Research

                                             Electrochemical Energy Storage

 

 

 

 

 

 

 

 

 

Improving electrochemical energy storage technologies such as batteries, supercapacitors, and fuel cells requires tuning the chemical and physical properties of electrode/electrolyte interfaces under applied voltages.  We develop and apply sophisticated first-principles simulation techniques to understand basic physical properties of electrochemical interfaces that are relevant to energy storage devices.  Utilizing GPU-accelerated computer codes, novel Poisson solver algorithms, and ab initio force fields, we study complex physical processes such as interfacial surface structuring, inner-layer capacitance and dielectric saturation, and voltage-induced phase transitions.

 

                       Redox Chemistry at Electrochemical Interfaces

 

The interface between electrodes and electrolytes hosts a fascinating array of chemical processes that are dictated by voltage-modulated redox chemistry.  Numerous redox-active processes may be highly coupled and depend sensitively on the microscopic properties of the electrochemical interface--because of this complexity, many such processes that occur in batteries and related devices are often not well understood.  Furthermore, depending on the particular device operating conditions, chemical processes may be either thermodynamically or kinetically controlled.  We are developing new multi-scale modeling approaches to predict electron transfer, redox chemistry, and chemical reactivity at electrochemical interfaces.  Our computational approaches integrate quantum chemical methods, machine learning, and molecular simulation in novel ways, enabling first-principles property prediction through the use of ab initio force fields.  We seek to connect with experimental electrochemical, spectroscopic, and scattering measurements to enable comprehensive understanding of these systems.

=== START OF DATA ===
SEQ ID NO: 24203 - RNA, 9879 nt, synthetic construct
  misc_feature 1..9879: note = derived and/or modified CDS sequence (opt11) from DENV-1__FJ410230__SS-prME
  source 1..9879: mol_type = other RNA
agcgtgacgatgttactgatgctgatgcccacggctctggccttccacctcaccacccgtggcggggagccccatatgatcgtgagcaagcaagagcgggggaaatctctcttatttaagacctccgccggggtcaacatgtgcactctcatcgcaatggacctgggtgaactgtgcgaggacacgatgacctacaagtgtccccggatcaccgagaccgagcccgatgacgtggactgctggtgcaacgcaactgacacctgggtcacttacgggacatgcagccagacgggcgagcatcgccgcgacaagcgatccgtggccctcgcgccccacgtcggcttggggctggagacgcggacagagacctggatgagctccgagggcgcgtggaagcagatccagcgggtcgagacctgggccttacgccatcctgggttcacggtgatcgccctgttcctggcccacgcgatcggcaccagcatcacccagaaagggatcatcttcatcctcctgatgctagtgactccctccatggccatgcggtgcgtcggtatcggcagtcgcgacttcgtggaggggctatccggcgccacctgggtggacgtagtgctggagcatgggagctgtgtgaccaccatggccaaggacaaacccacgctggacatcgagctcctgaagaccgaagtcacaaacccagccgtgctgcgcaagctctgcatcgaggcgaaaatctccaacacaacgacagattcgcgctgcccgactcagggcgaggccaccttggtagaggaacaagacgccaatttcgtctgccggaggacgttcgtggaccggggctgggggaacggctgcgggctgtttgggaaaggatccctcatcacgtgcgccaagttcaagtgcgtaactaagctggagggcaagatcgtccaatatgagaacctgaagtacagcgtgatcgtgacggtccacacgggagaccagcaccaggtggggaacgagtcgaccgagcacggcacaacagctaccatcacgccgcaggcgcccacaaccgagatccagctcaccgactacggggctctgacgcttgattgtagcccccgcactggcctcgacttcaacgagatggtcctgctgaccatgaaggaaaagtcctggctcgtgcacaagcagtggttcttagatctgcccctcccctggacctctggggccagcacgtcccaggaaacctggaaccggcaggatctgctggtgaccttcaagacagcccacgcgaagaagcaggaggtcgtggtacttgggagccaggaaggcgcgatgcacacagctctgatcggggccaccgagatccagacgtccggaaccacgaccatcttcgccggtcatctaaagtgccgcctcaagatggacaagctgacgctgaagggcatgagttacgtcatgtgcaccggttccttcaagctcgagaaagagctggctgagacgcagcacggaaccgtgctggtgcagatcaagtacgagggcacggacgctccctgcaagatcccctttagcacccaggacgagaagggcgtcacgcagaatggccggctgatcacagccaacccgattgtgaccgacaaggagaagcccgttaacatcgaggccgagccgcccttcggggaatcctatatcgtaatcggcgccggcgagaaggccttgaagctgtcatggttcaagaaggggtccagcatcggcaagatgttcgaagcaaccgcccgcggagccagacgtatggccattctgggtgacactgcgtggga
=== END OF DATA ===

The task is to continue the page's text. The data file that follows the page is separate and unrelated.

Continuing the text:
Chemical Reactions Modulated by Strong Electric Fields

             

 

Solvent effects on chemical reactions are ubiquitous in organic chemistry, yet have proven historically difficult to predict from first-principles quantum chemistry.  The challenge is that high-level electronic structure methods must be utilized for describing bond-breaking/bond-forming processes with chemical accuracy, yet long-range energetic and entropic interactions with the solvent significantly alter transition state barriers.  Recently developed machine-learning approaches offer a fresh and exciting direction for research progress.  We are developing a novel combination of physics-based and machine-learning methods to capture the essential quantum mechanical interactions and complex collective variables that dictate chemical reactions in solution.  We utilize these approaches to study chemical reactions in ionic media, in which the strong electric fields from the surrounding ions rival the intrinsic strength of chemical bonds.

 

                      Statistical Mechanics of Heterogeneous Ionic Media

 

Statistical mechanical theories in combination with increasingly powerful computer simulations have provided detailed knowledge and understanding of liquids, soft matter, and other condensed-phase systems.  However, many of the organic electrolytes that are utilized in modern energy storage devices are not well-described by the basic statistical mechanical theories, and these theories may require significant extension/modification.  We are fundamentally interested in the statistical mechanics of room-temperature ionic liquids and organic electrolytes comprised of low-dielectric solvents, for which strong ion-correlation renders mean-field theories entirely inappropriate.  We are particularly interested in how these electrolytes behave in confinement, at interfaces, and under strong applied electric fields for which linear response theories may or may not be valid.